Taxpayers are unlikely to ever recoup the £66bn spent saving Royal Bank of Scotland and Lloyds Banking Group from collapse, a committee of MPs has warned.
Margaret Hodge, chairman of the Commons Public Accounts Committee, said the sale of Northern Rock to Virgin Money earlier this year was a bad omen for the Government as it looked to wind down its holdings in both part-nationalised lenders.
Northern Rock was taken into state ownership almost five years ago following a run on the bank in 2007. The bank was eventually sold for £931m, leaving taxpayers nursing a £469m loss.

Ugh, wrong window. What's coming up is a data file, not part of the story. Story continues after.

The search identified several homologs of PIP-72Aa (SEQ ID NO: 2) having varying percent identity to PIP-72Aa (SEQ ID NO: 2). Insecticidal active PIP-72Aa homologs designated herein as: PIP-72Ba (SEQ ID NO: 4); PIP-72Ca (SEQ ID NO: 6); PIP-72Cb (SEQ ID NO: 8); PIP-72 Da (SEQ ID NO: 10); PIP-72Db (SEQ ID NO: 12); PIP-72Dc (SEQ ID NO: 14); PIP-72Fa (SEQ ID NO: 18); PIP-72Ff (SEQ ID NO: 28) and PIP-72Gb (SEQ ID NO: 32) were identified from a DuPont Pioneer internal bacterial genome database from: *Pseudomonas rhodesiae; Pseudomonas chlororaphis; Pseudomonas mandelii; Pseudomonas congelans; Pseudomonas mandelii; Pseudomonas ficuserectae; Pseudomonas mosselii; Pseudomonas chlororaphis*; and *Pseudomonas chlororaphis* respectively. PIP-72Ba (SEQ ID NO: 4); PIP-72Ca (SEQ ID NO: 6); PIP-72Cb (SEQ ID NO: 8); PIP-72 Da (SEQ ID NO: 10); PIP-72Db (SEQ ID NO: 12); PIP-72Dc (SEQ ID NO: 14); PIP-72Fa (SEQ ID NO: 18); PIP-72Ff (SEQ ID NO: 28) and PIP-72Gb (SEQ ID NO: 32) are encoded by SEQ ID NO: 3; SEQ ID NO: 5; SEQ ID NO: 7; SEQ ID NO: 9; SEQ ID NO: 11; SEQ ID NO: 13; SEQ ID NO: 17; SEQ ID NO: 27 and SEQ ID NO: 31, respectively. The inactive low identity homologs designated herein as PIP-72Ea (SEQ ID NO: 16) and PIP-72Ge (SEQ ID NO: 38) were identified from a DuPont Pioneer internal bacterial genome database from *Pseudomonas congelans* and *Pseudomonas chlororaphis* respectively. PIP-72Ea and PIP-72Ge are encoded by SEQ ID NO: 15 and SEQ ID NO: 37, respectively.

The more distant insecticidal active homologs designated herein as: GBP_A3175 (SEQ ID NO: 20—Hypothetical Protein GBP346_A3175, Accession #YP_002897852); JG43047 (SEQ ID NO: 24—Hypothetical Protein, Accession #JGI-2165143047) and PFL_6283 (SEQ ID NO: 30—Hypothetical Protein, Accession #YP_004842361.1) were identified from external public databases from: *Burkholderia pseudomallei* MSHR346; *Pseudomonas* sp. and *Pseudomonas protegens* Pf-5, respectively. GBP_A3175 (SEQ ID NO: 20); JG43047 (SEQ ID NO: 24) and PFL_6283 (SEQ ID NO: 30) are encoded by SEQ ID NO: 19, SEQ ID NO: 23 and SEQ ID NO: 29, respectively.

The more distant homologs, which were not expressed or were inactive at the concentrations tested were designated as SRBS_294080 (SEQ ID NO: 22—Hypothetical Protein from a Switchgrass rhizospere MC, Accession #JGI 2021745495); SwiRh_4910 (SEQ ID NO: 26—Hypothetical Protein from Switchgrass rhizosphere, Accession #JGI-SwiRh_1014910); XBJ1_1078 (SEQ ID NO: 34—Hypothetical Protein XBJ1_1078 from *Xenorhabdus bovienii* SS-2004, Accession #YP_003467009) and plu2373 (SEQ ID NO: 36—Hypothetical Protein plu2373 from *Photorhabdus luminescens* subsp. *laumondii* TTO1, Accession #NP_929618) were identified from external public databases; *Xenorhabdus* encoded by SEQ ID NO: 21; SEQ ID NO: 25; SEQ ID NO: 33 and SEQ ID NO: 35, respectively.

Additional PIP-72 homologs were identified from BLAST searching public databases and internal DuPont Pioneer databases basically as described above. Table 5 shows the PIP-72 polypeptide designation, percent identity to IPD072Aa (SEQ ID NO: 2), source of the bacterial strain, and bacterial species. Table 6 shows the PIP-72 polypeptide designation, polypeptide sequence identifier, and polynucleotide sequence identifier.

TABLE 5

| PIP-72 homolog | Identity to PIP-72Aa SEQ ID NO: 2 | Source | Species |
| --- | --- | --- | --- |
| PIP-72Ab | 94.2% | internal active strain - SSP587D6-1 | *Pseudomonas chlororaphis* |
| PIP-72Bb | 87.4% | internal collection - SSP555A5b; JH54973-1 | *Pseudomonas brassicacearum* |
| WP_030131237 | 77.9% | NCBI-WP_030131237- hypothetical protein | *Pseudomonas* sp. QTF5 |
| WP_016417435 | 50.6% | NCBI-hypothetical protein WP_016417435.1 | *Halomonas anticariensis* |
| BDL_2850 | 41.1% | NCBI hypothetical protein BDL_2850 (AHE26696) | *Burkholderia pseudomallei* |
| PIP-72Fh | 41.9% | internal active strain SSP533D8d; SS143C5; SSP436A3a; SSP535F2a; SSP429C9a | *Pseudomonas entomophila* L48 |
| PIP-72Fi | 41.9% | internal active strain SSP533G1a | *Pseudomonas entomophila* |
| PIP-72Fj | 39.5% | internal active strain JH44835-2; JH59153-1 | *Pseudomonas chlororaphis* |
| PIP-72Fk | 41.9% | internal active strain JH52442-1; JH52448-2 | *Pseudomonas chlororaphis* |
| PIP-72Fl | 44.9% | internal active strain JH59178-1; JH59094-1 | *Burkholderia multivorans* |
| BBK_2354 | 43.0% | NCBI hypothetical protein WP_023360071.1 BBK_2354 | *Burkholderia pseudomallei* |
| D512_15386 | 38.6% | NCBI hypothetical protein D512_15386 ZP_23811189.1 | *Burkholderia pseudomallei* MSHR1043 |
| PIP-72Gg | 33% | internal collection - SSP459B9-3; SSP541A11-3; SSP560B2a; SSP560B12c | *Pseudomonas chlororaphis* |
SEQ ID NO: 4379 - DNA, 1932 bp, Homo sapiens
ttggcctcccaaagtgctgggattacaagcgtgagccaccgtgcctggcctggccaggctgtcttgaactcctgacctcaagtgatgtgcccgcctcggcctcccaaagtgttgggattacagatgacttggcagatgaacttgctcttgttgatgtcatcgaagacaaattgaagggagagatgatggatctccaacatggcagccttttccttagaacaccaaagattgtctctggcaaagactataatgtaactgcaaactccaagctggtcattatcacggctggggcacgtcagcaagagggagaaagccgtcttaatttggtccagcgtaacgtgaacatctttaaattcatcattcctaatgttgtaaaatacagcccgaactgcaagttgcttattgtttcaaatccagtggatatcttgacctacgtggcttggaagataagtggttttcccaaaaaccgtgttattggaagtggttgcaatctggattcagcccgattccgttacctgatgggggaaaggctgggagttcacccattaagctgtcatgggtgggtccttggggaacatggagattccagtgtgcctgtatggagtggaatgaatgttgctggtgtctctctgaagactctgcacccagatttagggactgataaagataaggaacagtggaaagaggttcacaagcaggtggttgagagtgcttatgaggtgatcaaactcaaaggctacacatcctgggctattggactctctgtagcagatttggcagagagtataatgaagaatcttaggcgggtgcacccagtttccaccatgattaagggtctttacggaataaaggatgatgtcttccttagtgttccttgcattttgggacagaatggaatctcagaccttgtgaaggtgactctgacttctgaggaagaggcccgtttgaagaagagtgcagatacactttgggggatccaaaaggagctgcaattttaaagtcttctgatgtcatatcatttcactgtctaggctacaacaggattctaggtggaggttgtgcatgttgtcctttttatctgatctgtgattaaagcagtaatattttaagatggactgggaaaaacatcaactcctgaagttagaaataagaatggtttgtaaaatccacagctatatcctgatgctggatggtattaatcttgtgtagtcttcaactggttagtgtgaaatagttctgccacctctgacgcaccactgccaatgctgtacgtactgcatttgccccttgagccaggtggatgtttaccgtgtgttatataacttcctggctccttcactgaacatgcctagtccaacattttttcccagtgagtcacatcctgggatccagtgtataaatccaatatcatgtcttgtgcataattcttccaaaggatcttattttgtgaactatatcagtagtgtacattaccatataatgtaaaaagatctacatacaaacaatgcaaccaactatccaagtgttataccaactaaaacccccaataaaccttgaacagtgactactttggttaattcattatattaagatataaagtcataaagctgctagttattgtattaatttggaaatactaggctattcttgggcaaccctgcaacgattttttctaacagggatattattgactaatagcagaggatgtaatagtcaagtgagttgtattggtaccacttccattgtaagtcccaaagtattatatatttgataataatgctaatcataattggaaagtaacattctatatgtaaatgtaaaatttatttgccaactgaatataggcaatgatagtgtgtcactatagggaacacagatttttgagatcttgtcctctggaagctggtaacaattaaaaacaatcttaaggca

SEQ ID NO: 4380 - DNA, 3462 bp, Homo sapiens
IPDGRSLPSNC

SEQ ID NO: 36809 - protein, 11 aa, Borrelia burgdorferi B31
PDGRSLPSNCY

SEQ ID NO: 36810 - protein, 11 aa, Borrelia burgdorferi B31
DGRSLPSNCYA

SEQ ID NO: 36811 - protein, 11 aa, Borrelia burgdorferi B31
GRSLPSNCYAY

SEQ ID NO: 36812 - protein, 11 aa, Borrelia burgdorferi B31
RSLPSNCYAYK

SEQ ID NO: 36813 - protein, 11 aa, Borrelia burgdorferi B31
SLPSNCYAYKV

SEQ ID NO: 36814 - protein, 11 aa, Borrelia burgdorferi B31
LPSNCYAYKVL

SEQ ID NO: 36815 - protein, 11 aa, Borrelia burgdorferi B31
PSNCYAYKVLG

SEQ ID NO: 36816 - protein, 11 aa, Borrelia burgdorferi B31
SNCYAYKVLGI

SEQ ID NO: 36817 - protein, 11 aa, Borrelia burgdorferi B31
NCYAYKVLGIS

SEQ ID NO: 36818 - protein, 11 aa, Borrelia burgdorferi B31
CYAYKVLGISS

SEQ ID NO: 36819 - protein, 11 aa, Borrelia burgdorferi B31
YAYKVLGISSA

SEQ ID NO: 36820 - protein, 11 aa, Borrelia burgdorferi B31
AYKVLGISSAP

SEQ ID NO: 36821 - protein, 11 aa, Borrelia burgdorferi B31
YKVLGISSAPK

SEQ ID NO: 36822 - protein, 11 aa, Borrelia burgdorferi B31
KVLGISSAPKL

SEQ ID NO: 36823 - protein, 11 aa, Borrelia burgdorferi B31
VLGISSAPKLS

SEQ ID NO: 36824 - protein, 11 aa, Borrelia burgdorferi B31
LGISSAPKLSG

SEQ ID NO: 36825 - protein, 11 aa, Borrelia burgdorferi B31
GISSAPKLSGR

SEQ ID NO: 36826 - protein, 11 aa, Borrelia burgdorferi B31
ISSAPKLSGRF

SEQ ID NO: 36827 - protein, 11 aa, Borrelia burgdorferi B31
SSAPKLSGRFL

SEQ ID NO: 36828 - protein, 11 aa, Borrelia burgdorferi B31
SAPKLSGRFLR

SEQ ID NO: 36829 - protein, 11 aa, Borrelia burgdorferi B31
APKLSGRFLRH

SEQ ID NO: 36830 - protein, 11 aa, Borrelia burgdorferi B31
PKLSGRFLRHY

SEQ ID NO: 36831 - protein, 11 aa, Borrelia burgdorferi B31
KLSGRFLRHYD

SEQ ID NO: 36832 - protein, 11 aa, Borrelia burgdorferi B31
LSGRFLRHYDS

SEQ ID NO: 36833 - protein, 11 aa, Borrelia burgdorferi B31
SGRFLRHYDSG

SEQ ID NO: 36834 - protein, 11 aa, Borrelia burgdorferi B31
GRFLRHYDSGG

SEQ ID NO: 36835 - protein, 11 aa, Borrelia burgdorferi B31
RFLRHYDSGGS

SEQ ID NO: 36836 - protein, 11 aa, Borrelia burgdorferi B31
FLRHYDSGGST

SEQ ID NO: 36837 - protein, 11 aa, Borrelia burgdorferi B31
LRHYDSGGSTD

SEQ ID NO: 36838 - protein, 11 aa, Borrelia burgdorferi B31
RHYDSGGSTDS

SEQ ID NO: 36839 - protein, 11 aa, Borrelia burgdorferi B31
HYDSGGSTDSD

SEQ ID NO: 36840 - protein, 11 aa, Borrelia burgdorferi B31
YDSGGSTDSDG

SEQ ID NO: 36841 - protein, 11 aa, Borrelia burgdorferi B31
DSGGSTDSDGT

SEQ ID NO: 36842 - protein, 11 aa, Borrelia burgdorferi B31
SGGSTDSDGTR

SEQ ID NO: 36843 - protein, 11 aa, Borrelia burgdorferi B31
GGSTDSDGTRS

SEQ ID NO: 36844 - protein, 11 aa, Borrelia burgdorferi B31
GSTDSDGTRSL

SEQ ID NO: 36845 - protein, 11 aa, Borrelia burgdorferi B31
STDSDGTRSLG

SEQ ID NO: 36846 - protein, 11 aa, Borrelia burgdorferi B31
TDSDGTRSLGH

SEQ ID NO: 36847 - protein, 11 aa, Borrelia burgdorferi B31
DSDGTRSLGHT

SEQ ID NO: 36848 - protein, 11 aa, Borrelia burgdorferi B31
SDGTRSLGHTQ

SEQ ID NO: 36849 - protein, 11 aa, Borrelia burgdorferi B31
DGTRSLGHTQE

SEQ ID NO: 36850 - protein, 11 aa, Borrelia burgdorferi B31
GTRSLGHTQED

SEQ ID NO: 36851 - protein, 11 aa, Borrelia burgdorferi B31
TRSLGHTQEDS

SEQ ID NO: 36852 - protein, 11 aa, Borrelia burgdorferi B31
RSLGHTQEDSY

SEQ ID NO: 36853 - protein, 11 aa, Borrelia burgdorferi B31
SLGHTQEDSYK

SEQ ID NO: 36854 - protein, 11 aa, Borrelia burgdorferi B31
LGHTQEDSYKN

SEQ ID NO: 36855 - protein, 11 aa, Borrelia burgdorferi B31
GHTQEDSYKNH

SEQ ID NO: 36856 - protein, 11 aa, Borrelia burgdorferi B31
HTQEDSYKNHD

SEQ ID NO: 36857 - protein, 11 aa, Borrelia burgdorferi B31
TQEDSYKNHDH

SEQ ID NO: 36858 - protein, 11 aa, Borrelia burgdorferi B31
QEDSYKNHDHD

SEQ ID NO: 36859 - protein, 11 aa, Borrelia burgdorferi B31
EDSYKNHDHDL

"There were only two bidders," Ms Hodge said. "The lack of competition does not fill us with confidence that the taxpayer will make a profit on the sale of the two banks which remain in public ownership. There is a risk that the £66bn invested in RBS and Lloyds may never be recovered."
The committee also criticised the role UK Financial Investments played in managing Northern Rock. The body, which controls taxpayers' stakes in banks, was meant to generate lending of £15bn from the lender but only managed £9.1bn before it was sold.
"It is vital that the final decisions on the wholly owned banks are made with value to the taxpayer taking precedence over speed of exit."